Customer service in a café, just a smile?


Great coffee is very important, but if people don't feel comfortable in your café, it doesn't matter how good your drinks are because they won't come anyway.

What's a barista to do when a customer is having a bad day? Adapt. A barista is a little psychologist.

And why a barista? It depends on how your café is set up, but for example, in smaller establishments, orders and payments are taken at the counter where the customer waits. This is the moment when the barista can talk to the customer. How did you like your last batch brew? Was it too sour? And how's the weather outside?

This is where the interaction between the two key points of your business comes into play. Between the barista and the customer. Without either, the cafe couldn't exist. That's why you need to pamper both as much as possible.

Of course, the barista's main job is to make sure the customer gets the best coffee. He also has to set up the coffee machine and the grinder. His other main job is to be there for the customer who may need a little comfort over a cup of batch brew.

The key to excellent service is to respond to individual customer needs and desires to the best of your ability and capability. Without good service, customers won't come back to you, they won't enjoy your coffee, they won't want to share it, and above all, they won't be open to learning more about coffee, which would be a great shame.


"Customers, like hearts, are where they are valued." (M. LeBoeuf)

Most of the time, providing good customer service is easy. After all, not everyone is completely demanding. A nice greeting with a smile and a polite question about how you are doing will make the customer feel welcome in your café.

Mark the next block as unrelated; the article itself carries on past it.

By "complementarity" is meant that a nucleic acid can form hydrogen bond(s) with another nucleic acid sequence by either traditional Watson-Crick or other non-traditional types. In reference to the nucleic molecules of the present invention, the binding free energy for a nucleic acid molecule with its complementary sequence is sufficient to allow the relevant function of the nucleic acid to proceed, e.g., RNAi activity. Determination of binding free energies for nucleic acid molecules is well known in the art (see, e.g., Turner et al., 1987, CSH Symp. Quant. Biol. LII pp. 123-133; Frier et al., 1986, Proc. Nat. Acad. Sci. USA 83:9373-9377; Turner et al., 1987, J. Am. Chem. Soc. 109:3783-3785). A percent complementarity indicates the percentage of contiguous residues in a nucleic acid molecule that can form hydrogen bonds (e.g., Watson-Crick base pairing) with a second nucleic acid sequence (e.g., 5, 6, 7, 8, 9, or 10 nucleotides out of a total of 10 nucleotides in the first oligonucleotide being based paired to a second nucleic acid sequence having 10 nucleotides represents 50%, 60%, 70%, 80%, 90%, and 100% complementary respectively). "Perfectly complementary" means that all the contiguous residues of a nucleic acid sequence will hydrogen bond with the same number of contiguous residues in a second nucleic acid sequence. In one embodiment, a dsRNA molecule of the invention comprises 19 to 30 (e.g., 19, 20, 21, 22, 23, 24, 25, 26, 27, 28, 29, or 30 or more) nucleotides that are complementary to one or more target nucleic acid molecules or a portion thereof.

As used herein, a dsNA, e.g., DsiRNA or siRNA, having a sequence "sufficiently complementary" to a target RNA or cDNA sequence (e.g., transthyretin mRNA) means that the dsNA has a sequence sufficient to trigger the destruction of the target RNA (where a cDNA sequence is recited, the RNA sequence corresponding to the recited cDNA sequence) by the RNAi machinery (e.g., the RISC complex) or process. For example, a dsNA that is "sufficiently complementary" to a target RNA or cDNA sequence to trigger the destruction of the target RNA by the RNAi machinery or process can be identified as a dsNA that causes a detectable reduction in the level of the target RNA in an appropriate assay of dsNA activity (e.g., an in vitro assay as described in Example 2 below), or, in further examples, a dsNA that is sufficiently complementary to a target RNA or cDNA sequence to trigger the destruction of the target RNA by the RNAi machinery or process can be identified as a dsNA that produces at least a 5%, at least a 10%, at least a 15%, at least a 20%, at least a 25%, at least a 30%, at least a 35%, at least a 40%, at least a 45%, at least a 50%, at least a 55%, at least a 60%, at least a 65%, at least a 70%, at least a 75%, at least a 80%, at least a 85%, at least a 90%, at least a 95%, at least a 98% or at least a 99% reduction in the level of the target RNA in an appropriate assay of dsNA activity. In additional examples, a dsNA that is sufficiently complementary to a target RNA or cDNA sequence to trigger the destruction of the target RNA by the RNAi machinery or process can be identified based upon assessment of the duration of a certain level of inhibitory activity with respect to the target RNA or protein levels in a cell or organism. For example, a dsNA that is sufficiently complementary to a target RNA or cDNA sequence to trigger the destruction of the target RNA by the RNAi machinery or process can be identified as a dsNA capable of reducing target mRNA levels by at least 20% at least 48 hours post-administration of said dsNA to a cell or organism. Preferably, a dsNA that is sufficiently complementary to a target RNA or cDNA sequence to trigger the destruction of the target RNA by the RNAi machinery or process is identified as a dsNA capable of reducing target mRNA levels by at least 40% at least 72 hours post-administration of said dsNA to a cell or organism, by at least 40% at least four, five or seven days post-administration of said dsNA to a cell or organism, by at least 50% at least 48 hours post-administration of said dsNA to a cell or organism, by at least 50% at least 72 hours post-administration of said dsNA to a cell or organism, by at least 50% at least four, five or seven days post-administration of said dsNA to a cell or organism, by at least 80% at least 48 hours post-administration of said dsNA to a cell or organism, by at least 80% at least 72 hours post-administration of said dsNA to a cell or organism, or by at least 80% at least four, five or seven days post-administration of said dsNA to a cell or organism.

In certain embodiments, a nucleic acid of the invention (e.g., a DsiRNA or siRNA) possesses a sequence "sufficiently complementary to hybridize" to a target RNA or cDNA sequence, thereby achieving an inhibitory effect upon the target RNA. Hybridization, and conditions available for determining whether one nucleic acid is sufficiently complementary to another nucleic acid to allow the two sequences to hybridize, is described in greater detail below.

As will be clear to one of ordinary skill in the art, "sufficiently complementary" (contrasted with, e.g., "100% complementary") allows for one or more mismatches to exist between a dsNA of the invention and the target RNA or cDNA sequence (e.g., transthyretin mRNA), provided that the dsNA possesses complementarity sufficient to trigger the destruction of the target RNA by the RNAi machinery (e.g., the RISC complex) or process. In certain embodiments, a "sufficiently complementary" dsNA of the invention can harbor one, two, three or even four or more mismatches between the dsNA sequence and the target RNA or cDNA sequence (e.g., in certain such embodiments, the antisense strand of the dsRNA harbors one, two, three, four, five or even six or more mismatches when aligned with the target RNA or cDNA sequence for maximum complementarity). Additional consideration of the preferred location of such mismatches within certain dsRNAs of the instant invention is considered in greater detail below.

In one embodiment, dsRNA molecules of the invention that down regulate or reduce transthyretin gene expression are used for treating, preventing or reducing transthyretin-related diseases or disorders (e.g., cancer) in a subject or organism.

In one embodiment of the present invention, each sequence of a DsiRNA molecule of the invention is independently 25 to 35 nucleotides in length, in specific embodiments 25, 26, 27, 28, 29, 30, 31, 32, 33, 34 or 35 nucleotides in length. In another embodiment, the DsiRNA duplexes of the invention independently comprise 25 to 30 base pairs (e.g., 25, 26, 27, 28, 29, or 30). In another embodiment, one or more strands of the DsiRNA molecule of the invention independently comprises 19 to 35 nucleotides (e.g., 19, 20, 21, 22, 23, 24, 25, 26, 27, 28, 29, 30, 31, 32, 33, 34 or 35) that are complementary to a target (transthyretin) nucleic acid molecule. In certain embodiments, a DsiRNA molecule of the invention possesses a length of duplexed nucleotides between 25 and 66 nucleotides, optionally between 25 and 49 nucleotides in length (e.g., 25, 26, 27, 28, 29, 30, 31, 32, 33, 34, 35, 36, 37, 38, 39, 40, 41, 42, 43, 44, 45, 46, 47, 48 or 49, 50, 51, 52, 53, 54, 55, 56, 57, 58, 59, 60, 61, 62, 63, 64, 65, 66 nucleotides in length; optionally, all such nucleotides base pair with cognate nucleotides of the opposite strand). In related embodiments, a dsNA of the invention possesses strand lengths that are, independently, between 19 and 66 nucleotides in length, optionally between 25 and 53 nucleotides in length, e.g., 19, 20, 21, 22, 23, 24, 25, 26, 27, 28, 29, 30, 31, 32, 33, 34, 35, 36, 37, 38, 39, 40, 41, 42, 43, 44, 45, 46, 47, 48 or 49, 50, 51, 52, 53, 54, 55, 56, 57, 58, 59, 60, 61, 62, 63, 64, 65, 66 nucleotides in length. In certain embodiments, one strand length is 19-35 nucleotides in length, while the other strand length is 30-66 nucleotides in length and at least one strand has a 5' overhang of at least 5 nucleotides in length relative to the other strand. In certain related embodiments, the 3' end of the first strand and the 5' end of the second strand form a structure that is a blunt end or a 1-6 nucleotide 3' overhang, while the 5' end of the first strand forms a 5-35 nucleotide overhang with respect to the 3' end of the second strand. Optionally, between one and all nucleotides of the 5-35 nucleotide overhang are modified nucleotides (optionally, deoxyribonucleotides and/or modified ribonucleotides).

For repeat customers, try to remember a little about them. For example, what they study, their occupation, their favourite coffee variation. If you like them, feel free to follow them on social networks, it will create a little friendly bond and they will visit your business even more happily.

However, your customer may not always be in a good mood. But you can make them feel good. Maybe that's why they came to you. Judge your customers correctly and don't just offer them coffee, but also the enjoyment of the whole atmosphere.


Remember that every customer is unique. Regardless of whether they have had a good or bad day, many will have different expectations. Some are ready to share everything that's going on in their lives, while others just want coffee and quiet.

When a customer walks in the door and approaches the counter, the barista should try to gauge how they might be feeling. What does his face, body movements and demeanor convey? Does he need a quick coffee? A friendly smile? A little time to think? By noticing these small details, you can create a more personal relationship with your customers.

If your regular customers are having a bad day, there are many ways to show them that you appreciate them. For example, an occasional coffee or free cookie. While it might not make their day, at least you'll put a smile on their face for a while.

In most cases, just hearing the customer out or a simple "that sucks, man" is all the customer needs to make their day a little bit better. Good service is just a matter of perceiving how the customer feels and then responding appropriately.

So if you have to change the job description a little, do it. After all, baristas don't just make coffee. They also care about their customers.